African Continental Free Trade Agreement (AfCFTA) has reiterated its commitment to eliminate trade barriers within Africa. This was at the recently concluded 13th meeting of AfCFTA Council of Ministers responsible for Trade in Durban, South Africa, which provided participants with a crucial opportunity to negotiate and consider further measures to strengthen the implementation of AfCFTA.
Participants included the Secretary-General, AfCFTA Secretariat, Wamkele Mene, as well as over 25 African Trade Ministers, the diplomatic corps, heads of businesses and media from across the continent.
With a population of over 200 million people, and a GDP of approximately $472 billion (World Bank, 2022) – accounting for almost 20% of the continent’s GDP, Nigeria presents the largest economy in Africa and is poised to have a major impact when trading under the agreement commences.
Honourable Minister of Industry, Trade and Investment, Dr. Doris Uzoka-Anite, negotiated Nigeria’s unique position on several crucial matters bordering on digital trade, safeguarding against illegal transshipment under the AfCFTA, and tariff lines in specific sectors of the economy.
The Honourable Minister, in strategically protecting Nigeria’s interest, highlighted the need for governments of member states and the secretariat to ensure that the collective interests of the continent is taken into account in adopting a targeted, pragmatic approach towards achieving the objectives of the AfCFTA Agreement.
The negotiations by Uzoka-Anite, were aimed at ensuring that, under the AfCFTA, Nigerian businesses can take advantage of continent-wide trading to expand their markets within a legally binding framework and remain safeguarded under the liberalised trade preferences.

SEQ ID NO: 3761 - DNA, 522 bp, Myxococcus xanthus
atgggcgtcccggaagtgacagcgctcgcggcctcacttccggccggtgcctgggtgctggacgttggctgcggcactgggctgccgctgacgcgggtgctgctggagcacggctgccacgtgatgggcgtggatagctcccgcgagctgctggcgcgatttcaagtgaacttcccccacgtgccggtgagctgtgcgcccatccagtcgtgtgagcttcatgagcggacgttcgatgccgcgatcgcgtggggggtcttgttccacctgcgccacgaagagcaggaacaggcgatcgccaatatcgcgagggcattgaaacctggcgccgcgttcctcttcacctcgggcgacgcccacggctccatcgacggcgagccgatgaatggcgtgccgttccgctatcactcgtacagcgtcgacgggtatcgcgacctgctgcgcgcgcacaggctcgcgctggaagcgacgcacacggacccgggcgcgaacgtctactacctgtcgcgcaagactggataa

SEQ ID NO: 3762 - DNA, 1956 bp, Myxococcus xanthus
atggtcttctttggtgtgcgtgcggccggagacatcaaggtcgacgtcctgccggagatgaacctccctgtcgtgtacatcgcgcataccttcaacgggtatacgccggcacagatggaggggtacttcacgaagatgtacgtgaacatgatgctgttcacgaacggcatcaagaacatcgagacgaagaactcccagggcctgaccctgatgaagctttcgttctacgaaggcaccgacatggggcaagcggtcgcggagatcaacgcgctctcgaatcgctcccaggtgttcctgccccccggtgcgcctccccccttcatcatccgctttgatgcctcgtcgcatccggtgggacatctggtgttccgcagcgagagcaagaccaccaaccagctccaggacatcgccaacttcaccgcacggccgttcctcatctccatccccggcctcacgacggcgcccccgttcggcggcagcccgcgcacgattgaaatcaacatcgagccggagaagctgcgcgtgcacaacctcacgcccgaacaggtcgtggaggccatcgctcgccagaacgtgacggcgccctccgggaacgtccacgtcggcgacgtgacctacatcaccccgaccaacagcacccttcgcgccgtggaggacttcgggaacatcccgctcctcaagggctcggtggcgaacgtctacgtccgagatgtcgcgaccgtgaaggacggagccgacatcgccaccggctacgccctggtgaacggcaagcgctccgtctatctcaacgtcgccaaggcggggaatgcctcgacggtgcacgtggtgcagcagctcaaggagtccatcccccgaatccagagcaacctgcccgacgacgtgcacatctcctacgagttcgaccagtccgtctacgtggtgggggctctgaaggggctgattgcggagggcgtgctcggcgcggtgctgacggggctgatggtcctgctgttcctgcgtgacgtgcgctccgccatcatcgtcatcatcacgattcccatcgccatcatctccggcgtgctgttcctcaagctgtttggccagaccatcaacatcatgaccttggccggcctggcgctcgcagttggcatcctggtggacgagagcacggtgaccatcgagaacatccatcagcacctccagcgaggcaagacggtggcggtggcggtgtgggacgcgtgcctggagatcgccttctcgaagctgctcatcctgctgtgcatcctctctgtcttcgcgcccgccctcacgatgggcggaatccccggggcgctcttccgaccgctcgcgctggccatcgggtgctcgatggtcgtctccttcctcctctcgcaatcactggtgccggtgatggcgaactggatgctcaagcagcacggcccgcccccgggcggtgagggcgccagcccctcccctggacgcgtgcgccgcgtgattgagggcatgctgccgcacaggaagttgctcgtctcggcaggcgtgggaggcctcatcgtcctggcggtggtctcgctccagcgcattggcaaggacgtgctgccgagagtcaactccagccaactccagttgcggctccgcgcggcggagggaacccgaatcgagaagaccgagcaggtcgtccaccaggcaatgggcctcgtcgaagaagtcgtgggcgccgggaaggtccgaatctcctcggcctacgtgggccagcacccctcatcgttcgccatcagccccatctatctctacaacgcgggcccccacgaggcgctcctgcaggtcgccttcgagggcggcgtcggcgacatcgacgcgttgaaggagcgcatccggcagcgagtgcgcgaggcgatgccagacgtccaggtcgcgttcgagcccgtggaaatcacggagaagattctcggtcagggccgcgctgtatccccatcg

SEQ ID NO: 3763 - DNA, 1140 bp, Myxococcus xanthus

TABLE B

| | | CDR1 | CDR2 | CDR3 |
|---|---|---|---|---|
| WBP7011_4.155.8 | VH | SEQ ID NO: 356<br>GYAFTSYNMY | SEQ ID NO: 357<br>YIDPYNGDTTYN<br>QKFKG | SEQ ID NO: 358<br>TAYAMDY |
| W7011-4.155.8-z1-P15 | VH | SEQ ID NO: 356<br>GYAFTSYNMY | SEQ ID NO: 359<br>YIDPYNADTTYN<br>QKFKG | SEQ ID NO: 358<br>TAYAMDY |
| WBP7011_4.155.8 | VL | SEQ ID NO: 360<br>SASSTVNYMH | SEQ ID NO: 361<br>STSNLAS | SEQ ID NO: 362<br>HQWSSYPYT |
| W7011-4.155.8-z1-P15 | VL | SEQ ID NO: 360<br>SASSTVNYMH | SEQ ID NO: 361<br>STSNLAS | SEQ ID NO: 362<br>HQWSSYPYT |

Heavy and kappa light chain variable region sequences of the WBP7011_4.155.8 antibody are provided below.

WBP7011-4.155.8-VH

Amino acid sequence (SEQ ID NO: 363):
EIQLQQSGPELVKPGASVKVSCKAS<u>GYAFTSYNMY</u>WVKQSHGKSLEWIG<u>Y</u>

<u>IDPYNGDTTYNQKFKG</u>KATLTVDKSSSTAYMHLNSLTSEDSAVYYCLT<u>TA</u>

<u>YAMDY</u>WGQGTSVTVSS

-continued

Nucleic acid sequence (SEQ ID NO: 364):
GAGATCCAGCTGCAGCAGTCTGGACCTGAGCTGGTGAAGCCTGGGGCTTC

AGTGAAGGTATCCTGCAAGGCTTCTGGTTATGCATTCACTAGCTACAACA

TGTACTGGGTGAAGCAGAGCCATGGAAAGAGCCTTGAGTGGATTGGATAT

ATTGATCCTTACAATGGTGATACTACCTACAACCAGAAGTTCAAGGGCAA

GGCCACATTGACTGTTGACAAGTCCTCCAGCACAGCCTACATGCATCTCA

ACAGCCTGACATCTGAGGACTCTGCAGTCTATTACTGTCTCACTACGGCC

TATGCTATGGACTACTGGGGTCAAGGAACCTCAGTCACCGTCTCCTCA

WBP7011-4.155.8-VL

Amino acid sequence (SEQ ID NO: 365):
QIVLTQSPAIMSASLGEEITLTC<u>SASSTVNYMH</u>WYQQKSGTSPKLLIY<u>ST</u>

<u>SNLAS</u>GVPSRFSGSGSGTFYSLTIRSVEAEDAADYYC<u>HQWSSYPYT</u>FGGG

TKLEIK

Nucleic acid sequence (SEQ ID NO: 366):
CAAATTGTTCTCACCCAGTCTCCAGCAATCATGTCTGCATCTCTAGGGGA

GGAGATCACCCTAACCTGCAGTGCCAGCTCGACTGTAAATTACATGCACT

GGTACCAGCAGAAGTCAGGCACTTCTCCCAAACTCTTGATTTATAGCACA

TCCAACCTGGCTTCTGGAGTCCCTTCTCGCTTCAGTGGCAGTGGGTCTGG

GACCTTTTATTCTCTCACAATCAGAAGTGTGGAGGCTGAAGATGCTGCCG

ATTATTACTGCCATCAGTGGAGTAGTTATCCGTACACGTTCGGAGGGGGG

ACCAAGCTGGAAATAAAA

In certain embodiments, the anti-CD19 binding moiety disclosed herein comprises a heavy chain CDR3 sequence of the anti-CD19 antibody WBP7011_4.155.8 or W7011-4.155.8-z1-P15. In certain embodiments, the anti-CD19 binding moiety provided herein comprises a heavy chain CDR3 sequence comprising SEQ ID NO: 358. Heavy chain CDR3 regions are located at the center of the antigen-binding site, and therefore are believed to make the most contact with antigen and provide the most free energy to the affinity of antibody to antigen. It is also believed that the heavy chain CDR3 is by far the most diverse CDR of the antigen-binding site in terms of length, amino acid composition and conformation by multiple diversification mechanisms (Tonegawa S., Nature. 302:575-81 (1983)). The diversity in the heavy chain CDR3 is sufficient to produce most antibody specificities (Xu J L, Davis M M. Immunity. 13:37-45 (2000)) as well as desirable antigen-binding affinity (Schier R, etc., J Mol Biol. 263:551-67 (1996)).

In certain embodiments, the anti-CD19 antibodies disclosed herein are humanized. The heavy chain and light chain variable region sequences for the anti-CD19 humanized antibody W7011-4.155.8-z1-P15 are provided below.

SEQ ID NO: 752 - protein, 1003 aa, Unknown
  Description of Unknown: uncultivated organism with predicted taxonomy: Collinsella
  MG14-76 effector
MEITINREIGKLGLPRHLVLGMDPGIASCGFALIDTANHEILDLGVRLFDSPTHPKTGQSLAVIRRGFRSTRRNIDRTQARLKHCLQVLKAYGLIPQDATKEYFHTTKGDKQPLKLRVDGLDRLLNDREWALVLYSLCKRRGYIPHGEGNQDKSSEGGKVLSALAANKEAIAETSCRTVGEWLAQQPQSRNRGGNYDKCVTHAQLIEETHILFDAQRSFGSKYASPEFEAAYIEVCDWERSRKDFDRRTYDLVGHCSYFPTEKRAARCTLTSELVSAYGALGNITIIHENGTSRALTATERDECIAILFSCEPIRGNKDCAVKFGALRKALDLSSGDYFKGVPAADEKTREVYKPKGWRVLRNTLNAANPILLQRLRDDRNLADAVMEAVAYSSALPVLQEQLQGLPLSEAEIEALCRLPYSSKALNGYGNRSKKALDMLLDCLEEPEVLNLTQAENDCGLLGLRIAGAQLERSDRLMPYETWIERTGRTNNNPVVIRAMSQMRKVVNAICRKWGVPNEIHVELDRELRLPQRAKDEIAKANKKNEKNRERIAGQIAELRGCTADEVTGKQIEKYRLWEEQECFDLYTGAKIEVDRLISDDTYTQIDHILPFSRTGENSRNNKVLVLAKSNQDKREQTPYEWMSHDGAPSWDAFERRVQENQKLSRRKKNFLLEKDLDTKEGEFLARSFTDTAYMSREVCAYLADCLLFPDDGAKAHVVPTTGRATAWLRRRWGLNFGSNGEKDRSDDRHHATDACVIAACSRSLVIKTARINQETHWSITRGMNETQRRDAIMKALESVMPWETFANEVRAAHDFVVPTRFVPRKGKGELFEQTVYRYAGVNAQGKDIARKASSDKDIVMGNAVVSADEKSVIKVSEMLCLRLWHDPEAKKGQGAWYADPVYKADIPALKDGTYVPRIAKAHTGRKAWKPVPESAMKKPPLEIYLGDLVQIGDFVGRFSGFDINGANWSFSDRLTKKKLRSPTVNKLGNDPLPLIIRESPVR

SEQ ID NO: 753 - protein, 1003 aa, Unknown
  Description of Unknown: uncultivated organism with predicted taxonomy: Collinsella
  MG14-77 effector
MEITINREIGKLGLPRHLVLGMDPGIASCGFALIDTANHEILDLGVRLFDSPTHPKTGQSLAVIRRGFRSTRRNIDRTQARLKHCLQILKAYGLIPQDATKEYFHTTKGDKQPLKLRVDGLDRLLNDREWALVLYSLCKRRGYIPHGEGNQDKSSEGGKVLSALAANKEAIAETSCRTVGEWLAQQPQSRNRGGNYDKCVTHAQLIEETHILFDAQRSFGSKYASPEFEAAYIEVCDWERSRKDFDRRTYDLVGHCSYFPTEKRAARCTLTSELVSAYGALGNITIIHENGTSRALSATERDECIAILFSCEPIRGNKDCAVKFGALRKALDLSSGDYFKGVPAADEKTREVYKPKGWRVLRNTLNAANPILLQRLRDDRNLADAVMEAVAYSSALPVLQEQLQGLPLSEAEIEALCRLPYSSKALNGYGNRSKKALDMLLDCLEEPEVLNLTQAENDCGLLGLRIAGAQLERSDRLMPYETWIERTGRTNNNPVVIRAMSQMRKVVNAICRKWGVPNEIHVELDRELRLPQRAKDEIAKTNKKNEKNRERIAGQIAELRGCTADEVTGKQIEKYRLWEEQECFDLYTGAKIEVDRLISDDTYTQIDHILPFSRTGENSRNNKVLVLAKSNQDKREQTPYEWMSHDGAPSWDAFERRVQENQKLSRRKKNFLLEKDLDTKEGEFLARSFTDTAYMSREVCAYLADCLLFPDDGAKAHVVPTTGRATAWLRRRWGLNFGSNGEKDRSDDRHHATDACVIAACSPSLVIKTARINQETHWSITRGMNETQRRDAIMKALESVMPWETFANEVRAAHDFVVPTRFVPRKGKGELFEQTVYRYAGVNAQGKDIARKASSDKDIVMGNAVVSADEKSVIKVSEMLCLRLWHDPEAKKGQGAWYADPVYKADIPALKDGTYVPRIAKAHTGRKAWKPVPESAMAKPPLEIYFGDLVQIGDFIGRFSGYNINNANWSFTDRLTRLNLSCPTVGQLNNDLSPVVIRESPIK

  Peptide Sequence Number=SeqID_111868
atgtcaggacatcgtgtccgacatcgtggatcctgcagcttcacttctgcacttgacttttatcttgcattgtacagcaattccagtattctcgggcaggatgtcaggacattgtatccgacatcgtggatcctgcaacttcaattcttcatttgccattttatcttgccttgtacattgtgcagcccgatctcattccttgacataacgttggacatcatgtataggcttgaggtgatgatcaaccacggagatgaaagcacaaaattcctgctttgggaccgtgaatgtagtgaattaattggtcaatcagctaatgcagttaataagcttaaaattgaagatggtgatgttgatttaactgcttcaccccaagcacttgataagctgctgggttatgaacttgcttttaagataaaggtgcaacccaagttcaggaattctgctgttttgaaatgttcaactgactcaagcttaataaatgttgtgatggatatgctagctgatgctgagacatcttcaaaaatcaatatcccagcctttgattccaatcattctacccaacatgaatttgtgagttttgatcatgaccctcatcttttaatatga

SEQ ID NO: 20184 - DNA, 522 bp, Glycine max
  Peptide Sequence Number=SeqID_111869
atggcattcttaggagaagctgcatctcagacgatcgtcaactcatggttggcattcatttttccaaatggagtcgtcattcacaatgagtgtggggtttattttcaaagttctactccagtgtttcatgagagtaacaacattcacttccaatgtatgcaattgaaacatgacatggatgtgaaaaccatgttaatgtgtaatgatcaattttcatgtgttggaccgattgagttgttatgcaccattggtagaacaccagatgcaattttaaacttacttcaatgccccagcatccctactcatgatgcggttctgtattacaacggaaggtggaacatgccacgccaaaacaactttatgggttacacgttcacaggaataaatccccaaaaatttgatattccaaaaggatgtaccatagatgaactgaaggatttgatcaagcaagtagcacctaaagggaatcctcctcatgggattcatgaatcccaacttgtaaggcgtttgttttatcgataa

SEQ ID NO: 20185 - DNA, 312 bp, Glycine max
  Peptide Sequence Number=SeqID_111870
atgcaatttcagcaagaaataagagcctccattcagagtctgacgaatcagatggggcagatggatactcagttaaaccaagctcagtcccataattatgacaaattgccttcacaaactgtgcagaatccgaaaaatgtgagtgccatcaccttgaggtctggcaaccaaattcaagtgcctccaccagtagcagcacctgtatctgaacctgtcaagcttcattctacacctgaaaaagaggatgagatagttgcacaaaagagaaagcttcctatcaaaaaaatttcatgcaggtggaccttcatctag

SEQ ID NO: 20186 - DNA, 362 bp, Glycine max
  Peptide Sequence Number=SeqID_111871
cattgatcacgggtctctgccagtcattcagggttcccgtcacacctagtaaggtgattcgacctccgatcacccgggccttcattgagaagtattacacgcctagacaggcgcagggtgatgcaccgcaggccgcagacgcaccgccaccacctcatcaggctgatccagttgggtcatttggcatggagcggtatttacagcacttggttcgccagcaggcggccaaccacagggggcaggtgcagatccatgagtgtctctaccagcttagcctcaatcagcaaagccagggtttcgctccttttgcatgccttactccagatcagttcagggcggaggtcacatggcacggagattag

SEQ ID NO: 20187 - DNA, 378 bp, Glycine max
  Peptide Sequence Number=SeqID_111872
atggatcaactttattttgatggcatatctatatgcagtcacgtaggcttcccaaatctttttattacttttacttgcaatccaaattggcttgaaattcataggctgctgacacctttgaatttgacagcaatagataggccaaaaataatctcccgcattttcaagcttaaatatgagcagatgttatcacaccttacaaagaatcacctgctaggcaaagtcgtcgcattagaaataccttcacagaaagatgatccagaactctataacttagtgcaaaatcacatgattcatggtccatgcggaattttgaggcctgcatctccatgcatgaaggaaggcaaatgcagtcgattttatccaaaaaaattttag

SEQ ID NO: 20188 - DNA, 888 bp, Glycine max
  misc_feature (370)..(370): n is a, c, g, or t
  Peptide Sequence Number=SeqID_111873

The upcoming 37th African Union Ordinary Session of the Assembly of Heads of State and Government will at its annual convention in February 2024 take stock of the progress made thus far in the implementation of the AfCFTA.
The AfCFTA is a monumental trade agreement, which aims to progressively bring together all 55 member states of the African Union, covering a market of more than 1.3 billion people, with a comprehensive scope that includes critical areas of Africa’s economy, such as digital trade, investment, trade in goods and services, amongst others. By eliminating barriers to trade in Africa, the objective of the AfCFTA is to significantly boost intra-Africa trade, particularly trade in value-added production and trade across all services sectors of Africa’s economy.
The successful implementation of the AfCFTA is expected to lead to diversification of exports, increased productive capacity, acceleration of growth, increased investment, increased employment opportunities and incomes, and most importantly broaden economic inclusion both in Nigeria and the rest of the continent. It provides Nigerian exporters with new market access opportunities to key markets in the African continent.